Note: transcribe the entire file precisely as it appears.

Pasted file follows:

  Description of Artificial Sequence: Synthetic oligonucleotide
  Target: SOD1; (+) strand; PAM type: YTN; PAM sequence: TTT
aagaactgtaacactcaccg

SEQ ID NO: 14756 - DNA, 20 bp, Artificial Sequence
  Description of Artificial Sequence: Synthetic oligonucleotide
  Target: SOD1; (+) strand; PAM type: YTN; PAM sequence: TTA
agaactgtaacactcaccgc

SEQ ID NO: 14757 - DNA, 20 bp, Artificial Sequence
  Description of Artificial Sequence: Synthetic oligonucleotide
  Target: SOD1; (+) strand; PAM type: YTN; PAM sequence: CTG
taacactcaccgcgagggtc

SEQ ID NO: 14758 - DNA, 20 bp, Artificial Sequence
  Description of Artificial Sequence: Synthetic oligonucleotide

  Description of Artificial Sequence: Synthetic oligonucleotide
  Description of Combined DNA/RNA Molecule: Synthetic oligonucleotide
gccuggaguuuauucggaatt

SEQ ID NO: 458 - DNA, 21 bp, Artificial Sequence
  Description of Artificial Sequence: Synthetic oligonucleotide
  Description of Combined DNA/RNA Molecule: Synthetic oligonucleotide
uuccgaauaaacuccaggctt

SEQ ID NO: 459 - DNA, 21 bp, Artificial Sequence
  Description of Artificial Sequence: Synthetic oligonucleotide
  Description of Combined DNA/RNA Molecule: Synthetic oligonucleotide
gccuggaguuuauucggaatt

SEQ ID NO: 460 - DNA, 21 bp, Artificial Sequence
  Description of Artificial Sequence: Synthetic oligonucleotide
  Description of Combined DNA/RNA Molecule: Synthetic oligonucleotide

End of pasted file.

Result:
  Description of Artificial Sequence: Synthetic oligonucleotide
  Target: SOD1; (+) strand; PAM type: YTN; PAM sequence: TTT
aagaactgtaacactcaccg

SEQ ID NO: 14756 - DNA, 20 bp, Artificial Sequence
  Description of Artificial Sequence: Synthetic oligonucleotide
  Target: SOD1; (+) strand; PAM type: YTN; PAM sequence: TTA
agaactgtaacactcaccgc

SEQ ID NO: 14757 - DNA, 20 bp, Artificial Sequence
  Description of Artificial Sequence: Synthetic oligonucleotide
  Target: SOD1; (+) strand; PAM type: YTN; PAM sequence: CTG
taacactcaccgcgagggtc

SEQ ID NO: 14758 - DNA, 20 bp, Artificial Sequence
  Description of Artificial Sequence: Synthetic oligonucleotide

  Description of Artificial Sequence: Synthetic oligonucleotide
  Description of Combined DNA/RNA Molecule: Synthetic oligonucleotide
gccuggaguuuauucggaatt

SEQ ID NO: 458 - DNA, 21 bp, Artificial Sequence
  Description of Artificial Sequence: Synthetic oligonucleotide
  Description of Combined DNA/RNA Molecule: Synthetic oligonucleotide
uuccgaauaaacuccaggctt

SEQ ID NO: 459 - DNA, 21 bp, Artificial Sequence
  Description of Artificial Sequence: Synthetic oligonucleotide
  Description of Combined DNA/RNA Molecule: Synthetic oligonucleotide
gccuggaguuuauucggaatt

SEQ ID NO: 460 - DNA, 21 bp, Artificial Sequence
  Description of Artificial Sequence: Synthetic oligonucleotide
  Description of Combined DNA/RNA Molecule: Synthetic oligonucleotide